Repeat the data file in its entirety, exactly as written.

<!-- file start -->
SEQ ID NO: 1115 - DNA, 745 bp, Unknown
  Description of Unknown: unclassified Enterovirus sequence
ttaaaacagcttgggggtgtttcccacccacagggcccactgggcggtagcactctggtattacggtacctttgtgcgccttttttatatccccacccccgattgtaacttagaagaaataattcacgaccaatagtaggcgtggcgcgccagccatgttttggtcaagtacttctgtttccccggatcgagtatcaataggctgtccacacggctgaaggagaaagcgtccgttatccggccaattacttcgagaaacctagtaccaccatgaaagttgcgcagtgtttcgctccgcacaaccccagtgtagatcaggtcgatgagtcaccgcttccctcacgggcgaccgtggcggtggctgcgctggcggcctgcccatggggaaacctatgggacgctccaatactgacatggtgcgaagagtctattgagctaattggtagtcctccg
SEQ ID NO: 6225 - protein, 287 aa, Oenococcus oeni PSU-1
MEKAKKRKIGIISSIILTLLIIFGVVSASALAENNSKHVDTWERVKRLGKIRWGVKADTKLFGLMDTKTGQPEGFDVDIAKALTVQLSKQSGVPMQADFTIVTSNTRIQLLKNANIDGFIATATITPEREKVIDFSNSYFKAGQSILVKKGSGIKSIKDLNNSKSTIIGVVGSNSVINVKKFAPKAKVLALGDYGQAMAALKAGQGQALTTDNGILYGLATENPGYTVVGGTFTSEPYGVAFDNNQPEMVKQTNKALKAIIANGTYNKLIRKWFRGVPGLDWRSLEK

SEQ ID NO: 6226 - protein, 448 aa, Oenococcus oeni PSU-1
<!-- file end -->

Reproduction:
SEQ ID NO: 1115 - DNA, 745 bp, Unknown
  Description of Unknown: unclassified Enterovirus sequence
ttaaaacagcttgggggtgtttcccacccacagggcccactgggcggtagcactctggtattacggtacctttgtgcgccttttttatatccccacccccgattgtaacttagaagaaataattcacgaccaatagtaggcgtggcgcgccagccatgttttggtcaagtacttctgtttccccggatcgagtatcaataggctgtccacacggctgaaggagaaagcgtccgttatccggccaattacttcgagaaacctagtaccaccatgaaagttgcgcagtgtttcgctccgcacaaccccagtgtagatcaggtcgatgagtcaccgcttccctcacgggcgaccgtggcggtggctgcgctggcggcctgcccatggggaaacctatgggacgctccaatactgacatggtgcgaagagtctattgagctaattggtagtcctccg
SEQ ID NO: 6225 - protein, 287 aa, Oenococcus oeni PSU-1
MEKAKKRKIGIISSIILTLLIIFGVVSASALAENNSKHVDTWERVKRLGKIRWGVKADTKLFGLMDTKTGQPEGFDVDIAKALTVQLSKQSGVPMQADFTIVTSNTRIQLLKNANIDGFIATATITPEREKVIDFSNSYFKAGQSILVKKGSGIKSIKDLNNSKSTIIGVVGSNSVINVKKFAPKAKVLALGDYGQAMAALKAGQGQALTTDNGILYGLATENPGYTVVGGTFTSEPYGVAFDNNQPEMVKQTNKALKAIIANGTYNKLIRKWFRGVPGLDWRSLEK

SEQ ID NO: 6226 - protein, 448 aa, Oenococcus oeni PSU-1